Tax Sale

DENTON — Caroline County Commissioners put property owners who have not paid their tax bills for 2019 on notice Sept. 29. It’s time to pay up or face a public auction.

Comptroller Cathie Moore with the county tax office appeared before the commissioners seeking to defer the annual tax sale, already postponed due to the coronavirus restrictions, until 2021. She also asked to move the regular sale from the second week in June to the third week in May.

The county’s last tax sale took place in June 2019, and the majority of the outstanding bills are 15 months overdue, Moore told the commissioners.

Sara Visintainer, the commissioners’ chief of staff, said by law the tax sale must take place every two years, so skipping it in 2020 wouldn’t pose a legal problem.

The June 2020 sale was delayed due to a pause in collections ordered by the governor during the COVID-19 state of emergency, County Administrator Jeremy Goldman said, adding that most counties have canceled their tax sales for this year.

Commission President Larry Porter asked how many properties had yet to pay their bills.

Moore said the number was down to 134 properties from more than 600 back in June.

Commissioner Dan Franklin said he was willing to entertain a delay for people who haven’t been able to pay because of COVID-19 but not for bills from before the pandemic.

Moore said all the bills being discussed were from the previous July, prior to the outbreak.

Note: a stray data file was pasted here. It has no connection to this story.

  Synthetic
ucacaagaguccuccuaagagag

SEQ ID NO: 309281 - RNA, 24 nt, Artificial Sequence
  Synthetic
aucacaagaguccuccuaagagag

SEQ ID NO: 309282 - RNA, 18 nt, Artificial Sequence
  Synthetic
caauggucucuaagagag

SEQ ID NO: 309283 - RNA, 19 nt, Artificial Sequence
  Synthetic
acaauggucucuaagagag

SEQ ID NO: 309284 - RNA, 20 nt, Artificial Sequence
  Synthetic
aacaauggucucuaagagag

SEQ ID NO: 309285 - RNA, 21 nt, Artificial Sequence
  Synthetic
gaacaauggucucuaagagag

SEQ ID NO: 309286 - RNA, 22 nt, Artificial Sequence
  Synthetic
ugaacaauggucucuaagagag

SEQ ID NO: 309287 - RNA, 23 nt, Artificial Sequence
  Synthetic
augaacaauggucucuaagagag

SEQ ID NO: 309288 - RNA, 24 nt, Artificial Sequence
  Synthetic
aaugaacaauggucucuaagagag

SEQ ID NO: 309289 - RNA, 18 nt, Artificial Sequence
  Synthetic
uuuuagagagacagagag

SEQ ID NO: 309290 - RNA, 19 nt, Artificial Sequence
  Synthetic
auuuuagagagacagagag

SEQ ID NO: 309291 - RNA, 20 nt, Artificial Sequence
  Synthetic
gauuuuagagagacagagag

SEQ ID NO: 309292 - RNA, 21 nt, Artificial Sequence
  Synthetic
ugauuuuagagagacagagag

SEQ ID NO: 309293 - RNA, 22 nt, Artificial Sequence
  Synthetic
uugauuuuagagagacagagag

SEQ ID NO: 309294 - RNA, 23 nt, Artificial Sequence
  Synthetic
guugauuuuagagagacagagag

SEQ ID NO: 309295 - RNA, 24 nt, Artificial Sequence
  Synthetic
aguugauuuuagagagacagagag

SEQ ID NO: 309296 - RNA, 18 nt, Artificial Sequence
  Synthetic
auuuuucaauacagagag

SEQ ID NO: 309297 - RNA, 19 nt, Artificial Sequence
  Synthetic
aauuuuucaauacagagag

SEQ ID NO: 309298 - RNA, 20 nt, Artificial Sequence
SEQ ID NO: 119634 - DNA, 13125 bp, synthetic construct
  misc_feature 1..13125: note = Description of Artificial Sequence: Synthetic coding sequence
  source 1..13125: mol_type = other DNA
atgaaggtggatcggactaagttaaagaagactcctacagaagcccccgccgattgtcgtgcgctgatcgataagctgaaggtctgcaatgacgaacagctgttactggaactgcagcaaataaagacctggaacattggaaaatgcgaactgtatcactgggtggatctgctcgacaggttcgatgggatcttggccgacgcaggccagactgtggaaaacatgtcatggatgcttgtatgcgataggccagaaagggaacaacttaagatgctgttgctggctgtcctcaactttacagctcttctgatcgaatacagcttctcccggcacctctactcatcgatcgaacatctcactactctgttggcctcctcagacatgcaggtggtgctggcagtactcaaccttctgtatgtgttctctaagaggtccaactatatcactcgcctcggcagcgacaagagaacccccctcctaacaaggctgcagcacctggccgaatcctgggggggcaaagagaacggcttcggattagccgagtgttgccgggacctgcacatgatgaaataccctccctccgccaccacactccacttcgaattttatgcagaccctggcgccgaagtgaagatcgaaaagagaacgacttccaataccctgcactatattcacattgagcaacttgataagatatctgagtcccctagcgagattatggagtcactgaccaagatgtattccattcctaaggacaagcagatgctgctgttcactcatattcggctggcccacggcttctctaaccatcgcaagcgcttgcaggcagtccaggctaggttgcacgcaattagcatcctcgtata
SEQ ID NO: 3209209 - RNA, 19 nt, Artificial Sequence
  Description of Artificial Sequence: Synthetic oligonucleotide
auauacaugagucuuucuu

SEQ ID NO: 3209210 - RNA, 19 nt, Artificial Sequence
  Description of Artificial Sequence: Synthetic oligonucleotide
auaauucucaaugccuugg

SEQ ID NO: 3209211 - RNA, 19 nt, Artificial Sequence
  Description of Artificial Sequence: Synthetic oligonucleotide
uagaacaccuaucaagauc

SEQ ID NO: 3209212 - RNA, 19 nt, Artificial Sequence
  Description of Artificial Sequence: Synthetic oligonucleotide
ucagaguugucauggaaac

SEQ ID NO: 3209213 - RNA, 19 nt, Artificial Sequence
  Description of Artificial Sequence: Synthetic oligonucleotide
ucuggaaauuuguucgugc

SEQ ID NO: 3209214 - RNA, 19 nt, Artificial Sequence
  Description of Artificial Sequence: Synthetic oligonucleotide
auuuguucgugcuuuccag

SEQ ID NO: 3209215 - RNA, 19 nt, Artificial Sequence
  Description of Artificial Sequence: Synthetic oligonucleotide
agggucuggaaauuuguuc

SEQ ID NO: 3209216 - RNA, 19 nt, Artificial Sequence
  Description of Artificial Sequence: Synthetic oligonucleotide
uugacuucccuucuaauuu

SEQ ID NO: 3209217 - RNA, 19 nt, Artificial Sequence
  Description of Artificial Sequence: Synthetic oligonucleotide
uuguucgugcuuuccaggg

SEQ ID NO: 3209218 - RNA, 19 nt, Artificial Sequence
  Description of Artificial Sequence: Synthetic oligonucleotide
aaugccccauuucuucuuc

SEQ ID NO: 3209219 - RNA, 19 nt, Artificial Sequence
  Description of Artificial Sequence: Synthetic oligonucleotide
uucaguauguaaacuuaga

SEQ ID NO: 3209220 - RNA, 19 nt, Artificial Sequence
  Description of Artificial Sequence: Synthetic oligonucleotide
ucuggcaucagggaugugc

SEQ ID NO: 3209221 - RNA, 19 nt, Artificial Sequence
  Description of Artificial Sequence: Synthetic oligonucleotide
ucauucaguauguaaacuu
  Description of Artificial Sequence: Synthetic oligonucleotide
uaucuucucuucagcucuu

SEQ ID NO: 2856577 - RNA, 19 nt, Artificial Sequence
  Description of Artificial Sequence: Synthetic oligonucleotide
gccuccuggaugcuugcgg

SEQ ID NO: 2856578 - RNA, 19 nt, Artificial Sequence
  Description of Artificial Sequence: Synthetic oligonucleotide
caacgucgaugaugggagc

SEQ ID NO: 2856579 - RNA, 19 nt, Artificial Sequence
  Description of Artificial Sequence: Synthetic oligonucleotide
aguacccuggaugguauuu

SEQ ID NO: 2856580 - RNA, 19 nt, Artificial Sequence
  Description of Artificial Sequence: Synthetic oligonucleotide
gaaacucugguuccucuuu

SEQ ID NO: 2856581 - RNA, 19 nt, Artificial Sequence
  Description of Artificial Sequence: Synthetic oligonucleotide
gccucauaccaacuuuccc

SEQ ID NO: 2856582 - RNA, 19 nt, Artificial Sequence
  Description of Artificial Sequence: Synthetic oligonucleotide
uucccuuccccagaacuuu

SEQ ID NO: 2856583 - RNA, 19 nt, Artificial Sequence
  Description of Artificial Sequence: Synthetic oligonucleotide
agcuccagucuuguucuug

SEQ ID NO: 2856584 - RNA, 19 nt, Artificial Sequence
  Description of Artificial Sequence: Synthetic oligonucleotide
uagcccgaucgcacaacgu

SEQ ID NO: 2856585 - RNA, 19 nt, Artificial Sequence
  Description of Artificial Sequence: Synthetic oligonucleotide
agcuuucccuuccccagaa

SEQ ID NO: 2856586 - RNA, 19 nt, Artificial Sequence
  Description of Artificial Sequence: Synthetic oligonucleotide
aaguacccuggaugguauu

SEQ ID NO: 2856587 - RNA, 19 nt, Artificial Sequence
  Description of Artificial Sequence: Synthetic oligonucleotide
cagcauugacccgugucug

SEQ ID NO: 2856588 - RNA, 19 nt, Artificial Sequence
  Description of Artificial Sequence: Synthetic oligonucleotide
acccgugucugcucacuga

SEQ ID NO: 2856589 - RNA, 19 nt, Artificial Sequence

Porter agreed with Franklin, saying he was not willing to give people a break on their 2019 tax bills.

After the auction was moved from the courthouse steps some years ago, it has traditionally been held in the commissioners’ meeting room, Visintainer said. But that space is too small under current social distancing guidelines.

She suggested the Fretterd Community Center or the 4-H Park as alternate sites.

Moore said she could also look into online platforms to host the sale. People would register to bid, then do so online.

Once a platform or location is selected and a date decided on, the sale will be advertised in the local paper, which also gives property owners time to redeem their property by paying their bills prior to the sale.

Both Moore and Visintainer indicated the sale couldn’t take place any sooner than mid to late November.

The commissioners approved moving the date of the next regular tax sale from June to May and agreed to revisit if a delay for the 2020 sale was needed due to the effects of the coronavirus on people’s livelihoods.

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